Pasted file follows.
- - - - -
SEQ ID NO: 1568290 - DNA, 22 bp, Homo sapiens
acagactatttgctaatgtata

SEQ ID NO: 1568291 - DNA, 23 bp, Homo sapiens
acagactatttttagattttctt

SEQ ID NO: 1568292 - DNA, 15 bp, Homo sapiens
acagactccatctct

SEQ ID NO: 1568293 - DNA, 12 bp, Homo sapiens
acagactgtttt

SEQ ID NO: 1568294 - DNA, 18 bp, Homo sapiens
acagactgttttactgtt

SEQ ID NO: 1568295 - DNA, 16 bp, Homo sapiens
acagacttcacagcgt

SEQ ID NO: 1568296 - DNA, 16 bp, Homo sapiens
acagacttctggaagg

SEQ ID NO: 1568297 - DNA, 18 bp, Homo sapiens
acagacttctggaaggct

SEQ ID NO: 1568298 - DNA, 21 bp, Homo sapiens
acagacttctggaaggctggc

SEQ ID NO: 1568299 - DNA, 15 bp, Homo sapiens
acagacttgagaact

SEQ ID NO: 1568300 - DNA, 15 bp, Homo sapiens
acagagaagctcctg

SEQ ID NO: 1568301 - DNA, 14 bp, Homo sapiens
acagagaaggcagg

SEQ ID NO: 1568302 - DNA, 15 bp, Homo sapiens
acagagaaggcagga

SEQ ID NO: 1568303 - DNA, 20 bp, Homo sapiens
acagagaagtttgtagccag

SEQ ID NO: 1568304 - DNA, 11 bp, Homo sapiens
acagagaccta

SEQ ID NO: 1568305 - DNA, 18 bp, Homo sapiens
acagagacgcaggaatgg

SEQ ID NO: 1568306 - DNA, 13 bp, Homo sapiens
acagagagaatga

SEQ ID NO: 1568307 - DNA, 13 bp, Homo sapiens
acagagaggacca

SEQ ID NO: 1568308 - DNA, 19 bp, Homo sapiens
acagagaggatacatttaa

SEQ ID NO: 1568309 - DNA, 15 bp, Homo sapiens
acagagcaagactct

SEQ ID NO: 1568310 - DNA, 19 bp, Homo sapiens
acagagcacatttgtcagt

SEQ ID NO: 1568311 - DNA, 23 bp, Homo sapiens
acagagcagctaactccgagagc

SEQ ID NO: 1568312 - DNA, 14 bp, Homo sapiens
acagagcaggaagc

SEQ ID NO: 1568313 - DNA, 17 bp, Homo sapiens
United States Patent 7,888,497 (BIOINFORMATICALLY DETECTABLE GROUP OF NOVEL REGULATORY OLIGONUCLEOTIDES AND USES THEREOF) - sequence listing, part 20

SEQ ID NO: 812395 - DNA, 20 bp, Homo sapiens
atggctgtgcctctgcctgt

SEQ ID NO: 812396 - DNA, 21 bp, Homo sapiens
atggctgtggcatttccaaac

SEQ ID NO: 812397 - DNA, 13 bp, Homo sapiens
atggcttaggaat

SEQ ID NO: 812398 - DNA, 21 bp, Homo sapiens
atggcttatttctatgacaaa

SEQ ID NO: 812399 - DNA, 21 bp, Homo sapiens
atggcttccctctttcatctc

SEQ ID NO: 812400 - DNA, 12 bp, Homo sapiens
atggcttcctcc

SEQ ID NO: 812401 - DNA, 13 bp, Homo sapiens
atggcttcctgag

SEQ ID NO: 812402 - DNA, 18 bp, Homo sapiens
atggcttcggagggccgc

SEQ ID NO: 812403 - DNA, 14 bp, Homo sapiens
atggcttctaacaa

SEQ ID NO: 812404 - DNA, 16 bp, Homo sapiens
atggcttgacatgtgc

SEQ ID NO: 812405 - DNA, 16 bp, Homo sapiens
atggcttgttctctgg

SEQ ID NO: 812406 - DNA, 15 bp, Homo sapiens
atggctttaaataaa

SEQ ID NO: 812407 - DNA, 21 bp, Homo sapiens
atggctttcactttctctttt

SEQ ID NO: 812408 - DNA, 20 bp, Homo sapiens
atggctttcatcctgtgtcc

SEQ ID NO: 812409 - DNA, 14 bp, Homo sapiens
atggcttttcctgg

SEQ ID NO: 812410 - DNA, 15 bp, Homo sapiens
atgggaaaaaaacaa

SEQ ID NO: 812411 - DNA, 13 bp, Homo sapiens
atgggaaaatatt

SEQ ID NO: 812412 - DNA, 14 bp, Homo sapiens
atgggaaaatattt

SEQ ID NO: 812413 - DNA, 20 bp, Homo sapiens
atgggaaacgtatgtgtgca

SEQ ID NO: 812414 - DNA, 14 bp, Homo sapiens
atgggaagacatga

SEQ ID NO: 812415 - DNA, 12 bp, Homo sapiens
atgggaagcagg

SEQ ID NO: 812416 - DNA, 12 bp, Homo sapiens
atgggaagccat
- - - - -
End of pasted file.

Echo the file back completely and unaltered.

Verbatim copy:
SEQ ID NO: 1568290 - DNA, 22 bp, Homo sapiens
acagactatttgctaatgtata

SEQ ID NO: 1568291 - DNA, 23 bp, Homo sapiens
acagactatttttagattttctt

SEQ ID NO: 1568292 - DNA, 15 bp, Homo sapiens
acagactccatctct

SEQ ID NO: 1568293 - DNA, 12 bp, Homo sapiens
acagactgtttt

SEQ ID NO: 1568294 - DNA, 18 bp, Homo sapiens
acagactgttttactgtt

SEQ ID NO: 1568295 - DNA, 16 bp, Homo sapiens
acagacttcacagcgt

SEQ ID NO: 1568296 - DNA, 16 bp, Homo sapiens
acagacttctggaagg

SEQ ID NO: 1568297 - DNA, 18 bp, Homo sapiens
acagacttctggaaggct

SEQ ID NO: 1568298 - DNA, 21 bp, Homo sapiens
acagacttctggaaggctggc

SEQ ID NO: 1568299 - DNA, 15 bp, Homo sapiens
acagacttgagaact

SEQ ID NO: 1568300 - DNA, 15 bp, Homo sapiens
acagagaagctcctg

SEQ ID NO: 1568301 - DNA, 14 bp, Homo sapiens
acagagaaggcagg

SEQ ID NO: 1568302 - DNA, 15 bp, Homo sapiens
acagagaaggcagga

SEQ ID NO: 1568303 - DNA, 20 bp, Homo sapiens
acagagaagtttgtagccag

SEQ ID NO: 1568304 - DNA, 11 bp, Homo sapiens
acagagaccta

SEQ ID NO: 1568305 - DNA, 18 bp, Homo sapiens
acagagacgcaggaatgg

SEQ ID NO: 1568306 - DNA, 13 bp, Homo sapiens
acagagagaatga

SEQ ID NO: 1568307 - DNA, 13 bp, Homo sapiens
acagagaggacca

SEQ ID NO: 1568308 - DNA, 19 bp, Homo sapiens
acagagaggatacatttaa

SEQ ID NO: 1568309 - DNA, 15 bp, Homo sapiens
acagagcaagactct

SEQ ID NO: 1568310 - DNA, 19 bp, Homo sapiens
acagagcacatttgtcagt

SEQ ID NO: 1568311 - DNA, 23 bp, Homo sapiens
acagagcagctaactccgagagc

SEQ ID NO: 1568312 - DNA, 14 bp, Homo sapiens
acagagcaggaagc

SEQ ID NO: 1568313 - DNA, 17 bp, Homo sapiens
United States Patent 7,888,497 (BIOINFORMATICALLY DETECTABLE GROUP OF NOVEL REGULATORY OLIGONUCLEOTIDES AND USES THEREOF) - sequence listing, part 20

SEQ ID NO: 812395 - DNA, 20 bp, Homo sapiens
atggctgtgcctctgcctgt

SEQ ID NO: 812396 - DNA, 21 bp, Homo sapiens
atggctgtggcatttccaaac

SEQ ID NO: 812397 - DNA, 13 bp, Homo sapiens
atggcttaggaat

SEQ ID NO: 812398 - DNA, 21 bp, Homo sapiens
atggcttatttctatgacaaa

SEQ ID NO: 812399 - DNA, 21 bp, Homo sapiens
atggcttccctctttcatctc

SEQ ID NO: 812400 - DNA, 12 bp, Homo sapiens
atggcttcctcc

SEQ ID NO: 812401 - DNA, 13 bp, Homo sapiens
atggcttcctgag

SEQ ID NO: 812402 - DNA, 18 bp, Homo sapiens
atggcttcggagggccgc

SEQ ID NO: 812403 - DNA, 14 bp, Homo sapiens
atggcttctaacaa

SEQ ID NO: 812404 - DNA, 16 bp, Homo sapiens
atggcttgacatgtgc

SEQ ID NO: 812405 - DNA, 16 bp, Homo sapiens
atggcttgttctctgg

SEQ ID NO: 812406 - DNA, 15 bp, Homo sapiens
atggctttaaataaa

SEQ ID NO: 812407 - DNA, 21 bp, Homo sapiens
atggctttcactttctctttt

SEQ ID NO: 812408 - DNA, 20 bp, Homo sapiens
atggctttcatcctgtgtcc

SEQ ID NO: 812409 - DNA, 14 bp, Homo sapiens
atggcttttcctgg

SEQ ID NO: 812410 - DNA, 15 bp, Homo sapiens
atgggaaaaaaacaa

SEQ ID NO: 812411 - DNA, 13 bp, Homo sapiens
atgggaaaatatt

SEQ ID NO: 812412 - DNA, 14 bp, Homo sapiens
atgggaaaatattt

SEQ ID NO: 812413 - DNA, 20 bp, Homo sapiens
atgggaaacgtatgtgtgca

SEQ ID NO: 812414 - DNA, 14 bp, Homo sapiens
atgggaagacatga

SEQ ID NO: 812415 - DNA, 12 bp, Homo sapiens
atgggaagcagg

SEQ ID NO: 812416 - DNA, 12 bp, Homo sapiens
atgggaagccat